Archive for December, 2014
This was yet another BYOB dinner in our VINO restaurant, where our guests brought in some eye popping wines! We are so lucky to have so many regulars who come to the BYOB dinner with an attitude to share something special & to enjoy with the group. The night’s foray of wines, therefore, included a 1993 Tempier Bandol “La Tourtine”; 2001 Ogier Cote Rotie; 1993 Ceretto Barbaresco “Faset”; 1990 Shafer “Hillside Select”; 1997 Joseph Phelps Insignia; 1995 Chateau Calon Segor; 1983 Chateau Lynch Bages; 1996 Chateau Pichon Lalande; 1995 Noel Verset Cornas & 2000 Chave Hermitage, just to name a few red wines, AND 2009 Blanc de Lynch Bages; 2001 Kunstler Riesling Spatlese “Hochheimer Holle” Trocken & Chateau d’Epire Savennieres just to name 3 white wines. Yes, it was quite the night.
To end the evening, 4 bottles of sweet wines were opened & shared.
2001 Gunderloch Riesling Spatlese “Nackenheimer Rothenberg”–The town of Nackenheim is located in Germany’s Rheinhessen region, right on the Rhein river. Rothenberg, a steep hillside of red slate soils, is considered the finest site of the town & shares the hillside with other Crus, such as the Pettenthal & Hipping vineyards of the adjacent Niersteiner appellation. I believe Gunderloch owns the biggest parcel & I say, thank goodness for that. Fritz & Agnes Hasselbach have steadily brought their domaine & vineyards to high acclaim through their tireless efforts in the vineyards, winemaking & personal, grass roots marketing. I am always so thrilled to see this really special couple (& now their son/winemaker, Johannes) receive all of the acclaim & accolades for their truly superb wines. I vividly remember, when this wine was released, thinking “oh my goodness, too much extract, too showy & over the top”, after all the grapes were harvested somewhere between 95 & 100 degrees Oechsle with a total acidity at around 8 grams per liter. I felt the ripeness took away from the minerality & transparency of the wine. That may have been true then, but having this wine 13 years later was a true revelation. It really was now all about red slate & profound minerality. I also loved how seamless, complete, well textured & especially how long it was on the palate. I thought it was a standout & certainly one of my favorite wines of the night!!!! That is saying alot, when one stops to think about all of the other star studded wines opened during the night.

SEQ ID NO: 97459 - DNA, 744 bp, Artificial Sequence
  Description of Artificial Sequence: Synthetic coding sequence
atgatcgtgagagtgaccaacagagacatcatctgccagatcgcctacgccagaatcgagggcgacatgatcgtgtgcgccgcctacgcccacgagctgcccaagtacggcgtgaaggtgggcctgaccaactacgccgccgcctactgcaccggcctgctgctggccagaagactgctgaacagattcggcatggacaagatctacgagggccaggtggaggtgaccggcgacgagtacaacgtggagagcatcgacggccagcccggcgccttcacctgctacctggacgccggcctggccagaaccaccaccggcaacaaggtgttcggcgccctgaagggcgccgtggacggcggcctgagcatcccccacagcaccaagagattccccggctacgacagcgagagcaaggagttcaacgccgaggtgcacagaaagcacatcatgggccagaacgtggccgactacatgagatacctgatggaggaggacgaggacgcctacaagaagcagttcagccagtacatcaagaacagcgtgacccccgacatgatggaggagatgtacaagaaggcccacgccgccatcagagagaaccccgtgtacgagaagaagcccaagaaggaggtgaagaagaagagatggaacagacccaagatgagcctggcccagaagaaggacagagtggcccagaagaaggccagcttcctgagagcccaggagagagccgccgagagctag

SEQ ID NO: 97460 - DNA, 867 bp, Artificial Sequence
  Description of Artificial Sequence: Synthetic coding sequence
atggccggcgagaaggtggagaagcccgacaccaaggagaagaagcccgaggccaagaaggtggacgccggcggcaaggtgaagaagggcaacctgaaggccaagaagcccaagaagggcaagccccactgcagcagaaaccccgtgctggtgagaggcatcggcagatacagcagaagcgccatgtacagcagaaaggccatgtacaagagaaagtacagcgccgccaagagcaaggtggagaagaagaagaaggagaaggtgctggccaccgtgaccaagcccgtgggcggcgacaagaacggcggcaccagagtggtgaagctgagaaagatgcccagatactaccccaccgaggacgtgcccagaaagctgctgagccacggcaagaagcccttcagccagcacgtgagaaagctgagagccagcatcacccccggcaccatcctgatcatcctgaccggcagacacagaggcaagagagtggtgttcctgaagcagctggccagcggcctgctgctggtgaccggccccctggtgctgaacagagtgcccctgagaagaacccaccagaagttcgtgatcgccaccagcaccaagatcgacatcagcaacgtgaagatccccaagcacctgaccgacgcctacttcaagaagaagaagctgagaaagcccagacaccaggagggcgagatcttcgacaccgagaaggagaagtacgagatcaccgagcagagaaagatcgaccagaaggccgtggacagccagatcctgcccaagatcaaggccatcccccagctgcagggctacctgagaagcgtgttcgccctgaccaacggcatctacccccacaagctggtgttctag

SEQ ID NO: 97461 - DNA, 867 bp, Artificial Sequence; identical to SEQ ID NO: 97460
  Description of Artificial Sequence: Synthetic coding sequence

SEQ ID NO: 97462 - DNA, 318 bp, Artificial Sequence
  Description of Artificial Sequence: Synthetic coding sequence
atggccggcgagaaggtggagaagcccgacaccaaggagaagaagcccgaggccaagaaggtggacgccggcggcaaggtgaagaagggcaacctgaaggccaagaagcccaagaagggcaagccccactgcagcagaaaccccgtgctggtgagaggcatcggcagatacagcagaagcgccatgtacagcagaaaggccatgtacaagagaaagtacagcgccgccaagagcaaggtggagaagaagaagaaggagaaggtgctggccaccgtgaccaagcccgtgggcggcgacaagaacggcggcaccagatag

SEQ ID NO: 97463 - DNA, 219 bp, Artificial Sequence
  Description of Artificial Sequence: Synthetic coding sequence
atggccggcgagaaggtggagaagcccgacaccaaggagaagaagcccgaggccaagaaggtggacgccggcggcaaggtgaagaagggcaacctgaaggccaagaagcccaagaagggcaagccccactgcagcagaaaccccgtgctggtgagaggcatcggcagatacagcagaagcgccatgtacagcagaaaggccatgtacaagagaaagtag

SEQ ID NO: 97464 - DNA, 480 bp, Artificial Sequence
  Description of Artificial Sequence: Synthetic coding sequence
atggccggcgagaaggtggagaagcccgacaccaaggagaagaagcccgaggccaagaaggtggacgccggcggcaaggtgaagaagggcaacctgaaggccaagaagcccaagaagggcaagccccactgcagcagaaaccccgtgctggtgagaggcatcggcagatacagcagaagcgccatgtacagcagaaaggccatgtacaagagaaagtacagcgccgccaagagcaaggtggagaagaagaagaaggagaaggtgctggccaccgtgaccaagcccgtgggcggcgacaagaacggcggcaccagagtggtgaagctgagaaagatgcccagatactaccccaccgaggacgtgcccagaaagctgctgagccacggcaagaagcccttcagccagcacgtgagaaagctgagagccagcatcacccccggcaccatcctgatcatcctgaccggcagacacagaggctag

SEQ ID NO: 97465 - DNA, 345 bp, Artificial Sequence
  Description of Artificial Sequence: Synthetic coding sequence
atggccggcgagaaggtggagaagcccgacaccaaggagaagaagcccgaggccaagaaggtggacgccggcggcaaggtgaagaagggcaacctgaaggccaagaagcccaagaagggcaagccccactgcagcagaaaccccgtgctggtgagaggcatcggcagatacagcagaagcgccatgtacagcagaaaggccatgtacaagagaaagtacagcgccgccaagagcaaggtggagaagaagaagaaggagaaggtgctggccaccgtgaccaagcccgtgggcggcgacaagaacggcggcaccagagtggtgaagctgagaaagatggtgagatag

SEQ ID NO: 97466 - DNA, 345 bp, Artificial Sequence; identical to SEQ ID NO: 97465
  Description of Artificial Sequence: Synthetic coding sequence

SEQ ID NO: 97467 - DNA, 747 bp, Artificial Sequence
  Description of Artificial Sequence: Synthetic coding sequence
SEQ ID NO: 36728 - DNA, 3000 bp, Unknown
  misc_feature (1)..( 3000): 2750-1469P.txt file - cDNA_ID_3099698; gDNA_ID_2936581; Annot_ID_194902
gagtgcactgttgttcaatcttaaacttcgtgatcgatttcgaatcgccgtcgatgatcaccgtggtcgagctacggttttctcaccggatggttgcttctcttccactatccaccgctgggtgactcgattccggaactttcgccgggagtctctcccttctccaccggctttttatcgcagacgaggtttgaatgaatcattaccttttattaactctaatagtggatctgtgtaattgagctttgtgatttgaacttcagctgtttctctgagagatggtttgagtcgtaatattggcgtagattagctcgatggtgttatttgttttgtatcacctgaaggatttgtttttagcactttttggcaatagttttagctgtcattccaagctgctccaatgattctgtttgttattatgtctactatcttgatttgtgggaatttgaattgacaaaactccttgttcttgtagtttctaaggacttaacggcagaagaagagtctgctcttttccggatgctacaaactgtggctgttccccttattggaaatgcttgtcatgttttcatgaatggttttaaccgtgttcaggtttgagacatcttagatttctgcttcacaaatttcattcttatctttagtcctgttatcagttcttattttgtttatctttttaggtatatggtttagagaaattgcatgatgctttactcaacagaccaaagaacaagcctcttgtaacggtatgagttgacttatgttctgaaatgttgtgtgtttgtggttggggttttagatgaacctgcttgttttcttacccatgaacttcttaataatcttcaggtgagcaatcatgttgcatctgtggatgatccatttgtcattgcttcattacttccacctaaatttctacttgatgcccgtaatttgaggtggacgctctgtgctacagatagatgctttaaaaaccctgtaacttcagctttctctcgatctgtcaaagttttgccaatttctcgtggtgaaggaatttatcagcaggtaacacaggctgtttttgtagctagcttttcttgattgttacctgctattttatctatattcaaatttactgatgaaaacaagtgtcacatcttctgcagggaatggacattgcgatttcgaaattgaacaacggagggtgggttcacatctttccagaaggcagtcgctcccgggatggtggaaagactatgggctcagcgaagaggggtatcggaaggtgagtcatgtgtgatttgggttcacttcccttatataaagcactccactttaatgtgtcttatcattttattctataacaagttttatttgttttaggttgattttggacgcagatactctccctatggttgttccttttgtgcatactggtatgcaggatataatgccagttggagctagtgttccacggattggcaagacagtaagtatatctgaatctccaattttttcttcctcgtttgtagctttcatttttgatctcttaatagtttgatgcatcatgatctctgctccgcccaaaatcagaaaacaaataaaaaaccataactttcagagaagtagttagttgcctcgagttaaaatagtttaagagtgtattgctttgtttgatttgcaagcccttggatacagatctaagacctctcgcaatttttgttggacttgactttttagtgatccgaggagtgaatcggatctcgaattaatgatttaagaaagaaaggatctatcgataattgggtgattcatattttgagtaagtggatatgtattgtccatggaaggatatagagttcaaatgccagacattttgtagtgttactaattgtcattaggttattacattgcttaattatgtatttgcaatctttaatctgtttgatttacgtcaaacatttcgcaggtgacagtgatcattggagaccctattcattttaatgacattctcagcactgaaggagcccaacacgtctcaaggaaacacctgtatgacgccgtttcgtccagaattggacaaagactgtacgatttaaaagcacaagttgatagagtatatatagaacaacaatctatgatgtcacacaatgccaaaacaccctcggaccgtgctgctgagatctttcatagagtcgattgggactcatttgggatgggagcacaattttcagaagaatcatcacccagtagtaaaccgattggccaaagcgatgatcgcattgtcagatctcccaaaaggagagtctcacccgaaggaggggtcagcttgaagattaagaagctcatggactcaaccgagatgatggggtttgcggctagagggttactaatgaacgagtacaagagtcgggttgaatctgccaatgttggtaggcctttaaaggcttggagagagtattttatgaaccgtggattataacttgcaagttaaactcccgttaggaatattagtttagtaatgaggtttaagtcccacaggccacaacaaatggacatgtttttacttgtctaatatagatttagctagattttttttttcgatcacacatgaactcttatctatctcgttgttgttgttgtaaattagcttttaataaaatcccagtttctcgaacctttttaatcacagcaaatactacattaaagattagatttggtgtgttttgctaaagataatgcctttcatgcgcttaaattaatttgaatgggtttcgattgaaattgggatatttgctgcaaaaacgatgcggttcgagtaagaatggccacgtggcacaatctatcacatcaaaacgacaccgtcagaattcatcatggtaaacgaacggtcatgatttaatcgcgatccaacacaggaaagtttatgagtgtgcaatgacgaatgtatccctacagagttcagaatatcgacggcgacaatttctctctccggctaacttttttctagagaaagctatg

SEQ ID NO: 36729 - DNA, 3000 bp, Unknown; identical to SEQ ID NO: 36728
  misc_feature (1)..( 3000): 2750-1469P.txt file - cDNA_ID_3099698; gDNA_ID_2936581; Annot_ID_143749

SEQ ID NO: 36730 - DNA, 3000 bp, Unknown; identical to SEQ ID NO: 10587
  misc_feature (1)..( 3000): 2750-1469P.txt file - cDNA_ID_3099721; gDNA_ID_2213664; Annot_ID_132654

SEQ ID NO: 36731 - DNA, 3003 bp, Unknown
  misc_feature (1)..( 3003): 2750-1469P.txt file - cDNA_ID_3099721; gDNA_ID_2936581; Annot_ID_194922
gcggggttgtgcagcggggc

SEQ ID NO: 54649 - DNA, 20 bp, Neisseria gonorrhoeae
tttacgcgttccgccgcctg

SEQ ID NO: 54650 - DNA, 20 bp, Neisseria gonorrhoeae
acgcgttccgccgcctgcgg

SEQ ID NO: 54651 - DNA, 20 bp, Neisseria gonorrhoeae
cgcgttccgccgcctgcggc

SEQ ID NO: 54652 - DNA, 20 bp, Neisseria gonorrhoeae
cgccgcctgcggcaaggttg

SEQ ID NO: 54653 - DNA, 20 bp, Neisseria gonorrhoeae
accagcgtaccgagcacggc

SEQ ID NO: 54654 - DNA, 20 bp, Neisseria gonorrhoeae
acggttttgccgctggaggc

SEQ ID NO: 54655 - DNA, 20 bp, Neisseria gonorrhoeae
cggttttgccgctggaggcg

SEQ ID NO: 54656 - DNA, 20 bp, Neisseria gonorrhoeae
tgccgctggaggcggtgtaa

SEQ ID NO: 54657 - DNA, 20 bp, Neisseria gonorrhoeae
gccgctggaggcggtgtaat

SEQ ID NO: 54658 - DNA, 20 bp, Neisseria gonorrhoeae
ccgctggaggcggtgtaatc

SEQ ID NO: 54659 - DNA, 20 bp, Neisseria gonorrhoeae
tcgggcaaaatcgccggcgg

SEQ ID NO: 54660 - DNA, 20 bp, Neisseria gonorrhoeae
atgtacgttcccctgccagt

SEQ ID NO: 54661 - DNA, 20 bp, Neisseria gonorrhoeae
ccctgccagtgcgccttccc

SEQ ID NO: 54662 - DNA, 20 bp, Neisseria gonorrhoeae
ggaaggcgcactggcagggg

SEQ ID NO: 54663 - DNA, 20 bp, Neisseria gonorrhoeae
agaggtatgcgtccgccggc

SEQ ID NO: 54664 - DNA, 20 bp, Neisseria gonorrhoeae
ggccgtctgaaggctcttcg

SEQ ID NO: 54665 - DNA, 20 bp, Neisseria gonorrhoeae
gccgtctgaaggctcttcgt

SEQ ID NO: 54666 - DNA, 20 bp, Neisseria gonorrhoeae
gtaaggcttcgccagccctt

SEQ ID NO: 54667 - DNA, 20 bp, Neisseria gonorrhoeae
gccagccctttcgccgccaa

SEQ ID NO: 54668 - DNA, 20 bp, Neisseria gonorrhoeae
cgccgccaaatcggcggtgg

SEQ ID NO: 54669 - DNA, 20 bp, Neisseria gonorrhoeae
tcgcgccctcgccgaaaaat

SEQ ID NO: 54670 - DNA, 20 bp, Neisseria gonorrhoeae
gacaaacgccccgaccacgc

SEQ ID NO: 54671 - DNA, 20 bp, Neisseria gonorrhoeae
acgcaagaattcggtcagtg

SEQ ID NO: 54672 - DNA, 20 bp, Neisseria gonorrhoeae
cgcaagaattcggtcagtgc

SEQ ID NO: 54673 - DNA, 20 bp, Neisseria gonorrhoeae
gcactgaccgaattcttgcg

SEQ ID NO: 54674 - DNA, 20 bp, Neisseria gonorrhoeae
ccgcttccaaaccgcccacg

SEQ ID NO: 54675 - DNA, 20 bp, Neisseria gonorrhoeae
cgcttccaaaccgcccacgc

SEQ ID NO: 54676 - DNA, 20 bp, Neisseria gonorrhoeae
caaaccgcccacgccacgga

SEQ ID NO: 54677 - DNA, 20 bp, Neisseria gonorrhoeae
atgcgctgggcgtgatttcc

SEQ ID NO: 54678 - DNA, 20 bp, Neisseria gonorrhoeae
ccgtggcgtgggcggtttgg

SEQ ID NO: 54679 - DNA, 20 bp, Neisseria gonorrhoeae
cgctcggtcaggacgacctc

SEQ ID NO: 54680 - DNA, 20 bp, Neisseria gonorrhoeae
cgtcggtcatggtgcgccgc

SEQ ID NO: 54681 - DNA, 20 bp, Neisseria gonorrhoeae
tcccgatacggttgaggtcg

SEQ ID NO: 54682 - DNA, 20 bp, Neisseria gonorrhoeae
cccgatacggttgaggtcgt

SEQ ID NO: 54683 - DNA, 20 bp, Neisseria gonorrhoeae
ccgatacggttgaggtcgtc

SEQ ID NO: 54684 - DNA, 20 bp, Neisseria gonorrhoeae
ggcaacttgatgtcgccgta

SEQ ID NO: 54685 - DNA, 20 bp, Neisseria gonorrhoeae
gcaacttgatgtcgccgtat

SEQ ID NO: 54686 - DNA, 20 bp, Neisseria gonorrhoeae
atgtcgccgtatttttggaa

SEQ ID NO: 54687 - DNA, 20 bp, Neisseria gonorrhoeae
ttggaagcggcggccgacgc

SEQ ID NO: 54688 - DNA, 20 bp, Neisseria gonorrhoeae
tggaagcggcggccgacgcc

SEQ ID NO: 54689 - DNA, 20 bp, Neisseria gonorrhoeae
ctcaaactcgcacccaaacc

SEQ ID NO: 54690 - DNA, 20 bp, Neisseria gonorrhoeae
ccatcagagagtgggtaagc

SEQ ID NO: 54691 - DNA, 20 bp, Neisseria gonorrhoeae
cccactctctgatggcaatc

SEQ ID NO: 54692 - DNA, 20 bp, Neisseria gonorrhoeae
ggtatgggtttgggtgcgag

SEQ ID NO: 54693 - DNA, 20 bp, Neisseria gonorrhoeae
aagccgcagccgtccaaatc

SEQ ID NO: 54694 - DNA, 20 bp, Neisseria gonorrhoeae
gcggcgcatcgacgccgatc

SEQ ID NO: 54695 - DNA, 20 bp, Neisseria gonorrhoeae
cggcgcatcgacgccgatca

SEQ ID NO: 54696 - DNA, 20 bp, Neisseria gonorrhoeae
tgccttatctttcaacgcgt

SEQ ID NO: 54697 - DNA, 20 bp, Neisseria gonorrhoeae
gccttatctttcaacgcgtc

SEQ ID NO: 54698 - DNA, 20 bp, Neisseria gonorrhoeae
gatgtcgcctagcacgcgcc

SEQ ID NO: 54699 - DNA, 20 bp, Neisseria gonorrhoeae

1983 Chateau Suduiraut–this is an estate with 92 hectares of vineyards located in the Pregnac commune of Sauternes, adjacent to the iconic Chateau d’ Yquem. The sandy-gravelly soils & the atumnal mists from the convergence of the Ciron & Garonne rivers help to encouage the growth of botrytis cinerea, a beneficial “noble rot” to produce a standout Sauternes (designated as Premier Cru in the 1855 official classification). While 1983 was a a very well received vintage by the media, I believe this wine should be put away in the cellar for considerable more time, so it has a chance to resolve itself more. It really was a waste to open it.
1983 Chateau Rieussec–This highly revered Premier Cru was purchased by the Domaines Barons de Rothschild (also the owners of Chateau Lafite) in 1984. The 93 hectares, located in the Fargues commune of Sauternes, borders Chateau d”Yquem to the west. Like the Suduiraut listed above, I felt it was a real waste to open & drink this wine at such an early age. It really does need much more time to resolve itself–quite closed, with too many rough edges, bitterness & alcohol poking out.
1994 Gunderloch Beerenauslese Gold Kapsule “Nackenheimer Rothenberg”–I am sure Mike brought this wine, because Fritz & Agnes Hasselbach, owners of Gunderloch, were in attendance. I also thank you, because I was fortunate enough to also be in attendance to enjoy this monumental wine! In speaking with Fritz, they produced TWO BA’s in 1994, this being designated as Gold Kapsule, because it was harvested at well over 200 oechsle (3 separate passes through the vineyard), with 10 to 11 grams of total acidity & finished at 8 degrees alcohol. This wine was certainly unctuous, BUT NOT over the top so. The wine’s once apparent sweetness has really evolved with the 20 years of bottle age, & there is so much more tactile elements developing rather then pure sweetness. Plus, I love how, because of this evolvement, the stoniness & terroir is once again resurfacing to the forefront. This was truly a magnificent wine. Thank you Mike for sharing!!!!
Subject: World’s Top 50 Most Expensive Wines?